Quilting 101: The Fabric Starch Debate

Quilting 101: The Fabric Starch Debate

Some quilters use starch to stiffen their fabric before cutting. Others argue it is an unnecessary extra step. It’s a debate you’ll likely encounter if you spend a lot of time around quilters…

We’re not going to tell you which way is best, but we are going to share the arguments for both sides in this post. Let us know if you’re a believer in starching fabric in the comments below!

The Argument For Starching

The quilters who use fabric starch are typically the ones who believe you should prewash your quilting fabric. That makes sense since washing removes a bit of the sizing (stability), and starch puts it back in.

To apply starch, you can use a spray bottle to saturate your fabric before ironing. Alternatively, you can dip your fabric in a starch solution and let it mostly dry before ironing. Both applications create a similar result — a stiff fabric that doesn’t move when you’re cutting or piecing.

A Note About Prewashing Fabric: Cotton fabric shrinks around 3-5% when it is washed. If you don’t prewash your fabric before making a quilt, your entire quilt will shrink when it is washed and give it that puffy look that some people adore. If you want to keep the clean, crisp lines in your quilt that show off your piecing, prewashing your fabric helps to prevent some of the shrinkage, although you’ll need a high-quality, polyester batting if you want no shrinkage at all. Also keep in mind that you should never prewash precut fabric because the fraying and distortion caused by prewashing defeats the purpose of buying precut!

Regardless of whether you prewash your fabric or not, starch makes your fabric stiff and easier to cut and manipulate. Starching leads to more precise piecing and better cutting accuracy. An added benefit to using starch is that your seams will stay flat better and stay in the direction you press them.

You can find several brands of fabric starch at your local quilt store or in the laundry aisle at your supermarket. You can also make your own at home.

The Argument Against Starching

Starching is an extra step when you’re quilting. Some quilters pretreat their fabric with starch and then spray extra when pressing each seam. It adds a lot of time to your quilting. It also adds to your costs. You’ll have to decide if the benefits are worth it or not.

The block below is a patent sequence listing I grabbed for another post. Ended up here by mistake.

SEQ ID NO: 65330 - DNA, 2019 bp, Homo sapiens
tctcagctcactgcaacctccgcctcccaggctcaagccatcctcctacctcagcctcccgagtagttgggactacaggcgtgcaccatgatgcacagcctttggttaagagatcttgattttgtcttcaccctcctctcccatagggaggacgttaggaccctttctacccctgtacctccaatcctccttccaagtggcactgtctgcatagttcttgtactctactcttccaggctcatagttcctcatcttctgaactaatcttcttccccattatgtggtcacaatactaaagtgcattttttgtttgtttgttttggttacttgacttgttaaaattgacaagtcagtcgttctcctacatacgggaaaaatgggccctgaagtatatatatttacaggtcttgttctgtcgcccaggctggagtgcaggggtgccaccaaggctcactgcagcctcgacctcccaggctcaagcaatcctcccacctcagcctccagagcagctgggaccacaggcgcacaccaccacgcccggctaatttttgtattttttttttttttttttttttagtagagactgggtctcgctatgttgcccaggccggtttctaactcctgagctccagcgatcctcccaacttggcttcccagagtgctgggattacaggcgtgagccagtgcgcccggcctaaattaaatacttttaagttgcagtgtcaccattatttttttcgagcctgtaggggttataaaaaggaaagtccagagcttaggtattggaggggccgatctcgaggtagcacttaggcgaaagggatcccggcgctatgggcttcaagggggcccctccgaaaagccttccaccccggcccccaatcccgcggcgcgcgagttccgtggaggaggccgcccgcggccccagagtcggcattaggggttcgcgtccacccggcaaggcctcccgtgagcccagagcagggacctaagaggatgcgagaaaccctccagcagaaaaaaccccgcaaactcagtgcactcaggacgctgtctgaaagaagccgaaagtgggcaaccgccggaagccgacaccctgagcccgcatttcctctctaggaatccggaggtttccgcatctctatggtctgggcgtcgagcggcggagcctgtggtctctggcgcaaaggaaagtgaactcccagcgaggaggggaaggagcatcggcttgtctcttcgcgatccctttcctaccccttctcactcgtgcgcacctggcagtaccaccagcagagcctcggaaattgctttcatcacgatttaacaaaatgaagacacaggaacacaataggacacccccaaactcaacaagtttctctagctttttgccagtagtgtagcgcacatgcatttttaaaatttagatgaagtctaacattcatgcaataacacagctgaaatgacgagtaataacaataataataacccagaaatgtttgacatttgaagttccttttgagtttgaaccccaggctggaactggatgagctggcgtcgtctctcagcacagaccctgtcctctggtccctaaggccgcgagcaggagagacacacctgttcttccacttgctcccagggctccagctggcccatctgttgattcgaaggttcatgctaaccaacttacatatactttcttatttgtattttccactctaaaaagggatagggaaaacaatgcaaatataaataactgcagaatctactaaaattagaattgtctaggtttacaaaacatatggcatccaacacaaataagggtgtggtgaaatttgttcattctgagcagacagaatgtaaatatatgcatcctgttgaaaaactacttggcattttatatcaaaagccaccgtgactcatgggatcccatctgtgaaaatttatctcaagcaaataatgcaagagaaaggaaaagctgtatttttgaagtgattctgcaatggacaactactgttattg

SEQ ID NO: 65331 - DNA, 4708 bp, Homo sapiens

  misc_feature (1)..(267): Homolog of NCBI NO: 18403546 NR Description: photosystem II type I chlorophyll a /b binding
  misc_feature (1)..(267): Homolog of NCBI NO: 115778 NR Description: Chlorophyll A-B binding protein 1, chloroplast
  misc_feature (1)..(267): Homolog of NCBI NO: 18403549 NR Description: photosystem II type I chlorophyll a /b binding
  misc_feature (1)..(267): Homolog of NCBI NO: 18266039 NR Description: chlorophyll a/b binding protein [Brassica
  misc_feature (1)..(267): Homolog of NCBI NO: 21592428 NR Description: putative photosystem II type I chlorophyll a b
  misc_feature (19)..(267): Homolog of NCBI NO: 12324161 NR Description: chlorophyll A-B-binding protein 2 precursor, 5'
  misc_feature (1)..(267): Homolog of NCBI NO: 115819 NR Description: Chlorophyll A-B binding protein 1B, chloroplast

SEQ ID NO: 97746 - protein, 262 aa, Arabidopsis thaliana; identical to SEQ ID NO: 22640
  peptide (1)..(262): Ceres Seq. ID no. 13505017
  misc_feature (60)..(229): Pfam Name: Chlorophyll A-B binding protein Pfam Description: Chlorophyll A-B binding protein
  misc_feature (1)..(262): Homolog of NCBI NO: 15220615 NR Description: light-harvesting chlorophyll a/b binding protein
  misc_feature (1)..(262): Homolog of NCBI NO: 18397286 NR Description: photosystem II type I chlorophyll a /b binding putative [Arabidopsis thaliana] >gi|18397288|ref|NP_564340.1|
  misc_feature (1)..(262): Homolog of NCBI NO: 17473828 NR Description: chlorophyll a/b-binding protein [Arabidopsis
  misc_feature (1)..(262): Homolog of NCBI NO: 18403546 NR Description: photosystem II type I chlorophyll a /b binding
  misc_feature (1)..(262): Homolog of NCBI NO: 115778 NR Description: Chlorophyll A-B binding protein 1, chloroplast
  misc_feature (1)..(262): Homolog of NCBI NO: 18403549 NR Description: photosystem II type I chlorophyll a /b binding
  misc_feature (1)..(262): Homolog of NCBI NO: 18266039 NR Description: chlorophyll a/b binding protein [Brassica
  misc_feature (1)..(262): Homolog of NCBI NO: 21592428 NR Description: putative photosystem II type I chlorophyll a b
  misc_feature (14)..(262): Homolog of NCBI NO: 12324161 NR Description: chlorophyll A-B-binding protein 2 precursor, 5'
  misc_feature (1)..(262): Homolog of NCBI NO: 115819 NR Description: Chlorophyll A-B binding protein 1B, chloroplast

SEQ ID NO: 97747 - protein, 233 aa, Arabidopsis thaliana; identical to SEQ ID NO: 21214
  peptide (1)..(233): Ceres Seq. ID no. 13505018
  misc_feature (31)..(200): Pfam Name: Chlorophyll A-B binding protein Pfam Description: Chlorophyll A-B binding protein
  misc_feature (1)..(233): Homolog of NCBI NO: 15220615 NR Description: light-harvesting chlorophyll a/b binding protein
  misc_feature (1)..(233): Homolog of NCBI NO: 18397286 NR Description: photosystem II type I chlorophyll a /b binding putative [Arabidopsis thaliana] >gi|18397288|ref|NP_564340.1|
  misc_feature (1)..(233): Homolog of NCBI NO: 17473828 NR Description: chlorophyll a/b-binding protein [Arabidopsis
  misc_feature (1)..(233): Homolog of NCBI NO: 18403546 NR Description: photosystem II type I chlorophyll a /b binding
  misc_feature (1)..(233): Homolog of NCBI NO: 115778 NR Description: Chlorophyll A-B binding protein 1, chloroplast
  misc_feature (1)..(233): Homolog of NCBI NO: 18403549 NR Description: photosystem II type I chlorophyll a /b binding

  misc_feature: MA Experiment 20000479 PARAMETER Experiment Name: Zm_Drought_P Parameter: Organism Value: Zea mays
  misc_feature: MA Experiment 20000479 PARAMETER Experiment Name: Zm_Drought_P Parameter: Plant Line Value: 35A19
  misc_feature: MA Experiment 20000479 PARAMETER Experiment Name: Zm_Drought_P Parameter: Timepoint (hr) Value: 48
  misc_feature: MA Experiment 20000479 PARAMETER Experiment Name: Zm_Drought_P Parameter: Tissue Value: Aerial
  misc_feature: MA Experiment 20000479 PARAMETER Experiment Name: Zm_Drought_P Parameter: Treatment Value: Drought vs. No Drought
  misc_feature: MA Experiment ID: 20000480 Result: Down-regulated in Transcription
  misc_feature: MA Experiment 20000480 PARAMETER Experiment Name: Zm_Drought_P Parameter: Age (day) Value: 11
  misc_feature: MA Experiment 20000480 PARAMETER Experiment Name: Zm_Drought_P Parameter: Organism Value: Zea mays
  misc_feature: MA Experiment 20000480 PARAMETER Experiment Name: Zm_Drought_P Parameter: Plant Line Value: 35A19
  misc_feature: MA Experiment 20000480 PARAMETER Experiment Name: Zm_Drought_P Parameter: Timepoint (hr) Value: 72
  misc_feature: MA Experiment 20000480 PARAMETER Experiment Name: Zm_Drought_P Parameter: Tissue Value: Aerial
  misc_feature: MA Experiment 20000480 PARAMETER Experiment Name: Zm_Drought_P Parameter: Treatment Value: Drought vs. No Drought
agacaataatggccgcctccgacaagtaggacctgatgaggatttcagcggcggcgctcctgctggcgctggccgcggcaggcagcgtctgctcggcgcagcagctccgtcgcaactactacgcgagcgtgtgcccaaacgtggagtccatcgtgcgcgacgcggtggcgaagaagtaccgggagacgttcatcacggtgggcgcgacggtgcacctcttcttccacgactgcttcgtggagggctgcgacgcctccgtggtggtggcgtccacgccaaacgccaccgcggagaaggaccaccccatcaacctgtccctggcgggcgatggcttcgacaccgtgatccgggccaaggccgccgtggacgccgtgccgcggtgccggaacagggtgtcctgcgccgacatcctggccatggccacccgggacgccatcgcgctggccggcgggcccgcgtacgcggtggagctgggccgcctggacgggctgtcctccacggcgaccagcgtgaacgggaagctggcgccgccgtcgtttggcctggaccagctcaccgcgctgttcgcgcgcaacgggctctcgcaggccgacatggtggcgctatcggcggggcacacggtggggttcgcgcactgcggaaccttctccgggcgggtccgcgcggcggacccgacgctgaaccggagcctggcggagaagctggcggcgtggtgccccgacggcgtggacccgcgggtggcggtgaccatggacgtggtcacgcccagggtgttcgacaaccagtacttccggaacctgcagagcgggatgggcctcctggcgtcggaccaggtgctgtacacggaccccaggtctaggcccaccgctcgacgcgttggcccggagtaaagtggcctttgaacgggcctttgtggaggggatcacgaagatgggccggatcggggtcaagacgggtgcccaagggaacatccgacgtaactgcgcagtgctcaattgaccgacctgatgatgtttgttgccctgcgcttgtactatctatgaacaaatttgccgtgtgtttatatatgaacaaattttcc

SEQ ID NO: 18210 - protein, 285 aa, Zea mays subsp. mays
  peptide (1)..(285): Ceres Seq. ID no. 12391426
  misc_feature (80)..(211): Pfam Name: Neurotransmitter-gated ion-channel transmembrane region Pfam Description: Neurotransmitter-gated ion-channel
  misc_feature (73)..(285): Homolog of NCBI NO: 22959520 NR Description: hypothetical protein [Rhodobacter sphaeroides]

Some starch can also gunk up your iron and leave a flaky residue on your fabric. It does wash out, but it’s a little annoying. Also, if you’re not careful, fabric starch can lead to scorching. You need to turn the heat setting on your iron down a little bit and don’t let your iron linger in one spot for too long.

Another thing you need to be aware of if you use fabric starch, especially homemade fabric starch, is that it can attract pests, such as silverfish. Therefore, you should never starch fabric and then store it for an extended period.

Fabric starch can make quilting easier, but it can also add time and hassle. Every quilter is different, and you’ll have to decide if fabric starch is something you want to use or not. However, if you do decide to use starch, make sure that you use it on all of your pieces. Starched fabric and unstarched fabric sometimes don’t play well together…

So, what do you think? Do you use fabric starch, or do you stay away from the stuff? Let us know in the comments below.

Also be sure to check out our beautiful collection of precut fabric!

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I spray starch my fabric and use a pressing when I iron. I like to keep everything neat.

Bernadette Hodges

Thanks for the info. I find I starch when I iron before cutting. Helps get rid of any wrinkles or hard creases.


I usually use starch when I’m pressing my fabric after I have washed it. I think it handles better. I enjoy reading other’s thoughts.


Thanks for all this wonderful information about fabric.

Mary R

I don’t immerse my fabric in the starch because it makes me feel like my fabric has turned into poster board——-but I do use the spray starch like i was using water. I removes the wrinkles and gives the fabric a nice finish.

Julie Lee

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